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Summary:

While I planned to watch one Tour starting this weekend, another one lands in a few weeks. The BlackBerry Tour arrives in Verizon Wireless stores on July 12th and you won’t have to climb Col du Tormalet that day to get one. You can pre-order the […]

BlackBerry_TourH4WebWhile I planned to watch one Tour starting this weekend, another one lands in a few weeks. The BlackBerry Tour arrives in Verizon Wireless stores on July 12th and you won’t have to climb Col du Tormalet that day to get one. You can pre-order the Tour now for $199 with a 2-year agreement. It looks like a pre-order will bypass the pesky $70 mail-in rebate that store purchasers will deal with when paying $269.99.

Like the BlackBerry 8830, the Tour is a World Edition phone from Verizon, so it supports the U.S. 3G CDMA networks here at home but also works in over 220 countries abroad that use EDGE/GPRS/GSM and HDPA. As with all of the other BlackBerry devices, the Tour has that legendary, high-quality keyboard that ‘Berrys are known for. Here’s a quick recap of the other specs, which we learned about a few weeks back:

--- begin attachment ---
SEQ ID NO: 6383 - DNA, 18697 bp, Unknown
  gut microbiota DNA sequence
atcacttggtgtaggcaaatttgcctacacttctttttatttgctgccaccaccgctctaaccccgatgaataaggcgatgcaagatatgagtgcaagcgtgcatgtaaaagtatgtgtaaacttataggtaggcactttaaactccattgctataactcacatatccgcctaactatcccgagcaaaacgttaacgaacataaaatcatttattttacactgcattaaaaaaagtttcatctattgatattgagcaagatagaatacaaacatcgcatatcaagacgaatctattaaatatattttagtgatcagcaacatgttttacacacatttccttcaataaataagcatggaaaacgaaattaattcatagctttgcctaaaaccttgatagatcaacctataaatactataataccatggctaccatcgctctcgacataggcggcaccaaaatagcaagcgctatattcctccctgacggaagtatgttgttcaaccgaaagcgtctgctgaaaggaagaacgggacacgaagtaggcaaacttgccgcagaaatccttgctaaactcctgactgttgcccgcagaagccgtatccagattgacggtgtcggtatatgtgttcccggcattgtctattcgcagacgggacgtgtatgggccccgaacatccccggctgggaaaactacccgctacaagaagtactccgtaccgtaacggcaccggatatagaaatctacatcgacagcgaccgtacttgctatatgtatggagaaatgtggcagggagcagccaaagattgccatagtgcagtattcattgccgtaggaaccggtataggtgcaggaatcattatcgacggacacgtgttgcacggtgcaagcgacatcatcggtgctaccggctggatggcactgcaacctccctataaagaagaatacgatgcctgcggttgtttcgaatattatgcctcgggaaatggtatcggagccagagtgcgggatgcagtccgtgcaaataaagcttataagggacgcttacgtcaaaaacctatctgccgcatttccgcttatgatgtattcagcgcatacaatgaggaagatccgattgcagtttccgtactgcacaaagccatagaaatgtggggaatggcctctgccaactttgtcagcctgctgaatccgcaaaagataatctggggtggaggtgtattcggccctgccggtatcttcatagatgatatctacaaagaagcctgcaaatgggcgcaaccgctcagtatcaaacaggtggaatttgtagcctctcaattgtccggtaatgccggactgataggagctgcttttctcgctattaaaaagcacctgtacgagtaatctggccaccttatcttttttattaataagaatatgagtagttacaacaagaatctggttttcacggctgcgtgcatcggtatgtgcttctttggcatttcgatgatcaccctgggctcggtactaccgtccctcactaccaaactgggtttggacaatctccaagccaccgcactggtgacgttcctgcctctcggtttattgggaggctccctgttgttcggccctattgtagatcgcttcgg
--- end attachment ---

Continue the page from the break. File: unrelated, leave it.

• 2.44″ display with 480 x 360 res
  • 3.2-megapixel camera with flash, variable zoom, image stabilization, autofocus and video recording (only to a microSD card)
  • Full HTML browser
  • 3.5mm headset jack and support for stereo Bluetooth
  • Built-in GPS for geo-tagging and BlackBerry Maps
  • BlackBerry Media Sync
  • Preloaded DataViz Documents to Go
  • Support for the BlackBerry App World
  • 1400 mAh battery for 5 hours of talk, 14 days of standby

Crackberry has discovered that the Tour is being offered in two versions by Verizon, with and without a camera. Both models cost the same and the option to bypass the camera is a welcome one for those whose companies forbid them.

  1. So if I am reading this correctly, the Tour could be unlocked and used on ATT with 3G service?

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  2. Never mind, re read it and found the answer to my question.

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  3. It’s a nice phone, but it’s not $199. If I sold you this phone for $10 but you have to pay me $500 tomorrow it’s not a $10 phone. Maybe you think I’m pedantic but if you report it this way it just encourages the anti-competitive phone/contract bundling strategies that we see because people don’t know what they are paying, rather than a free market where phones and contracts are separate.
    A better price to report is net present cost, where the interest rate isn’t important over 2 years so it’s approximately $199+monthly contract price*24.

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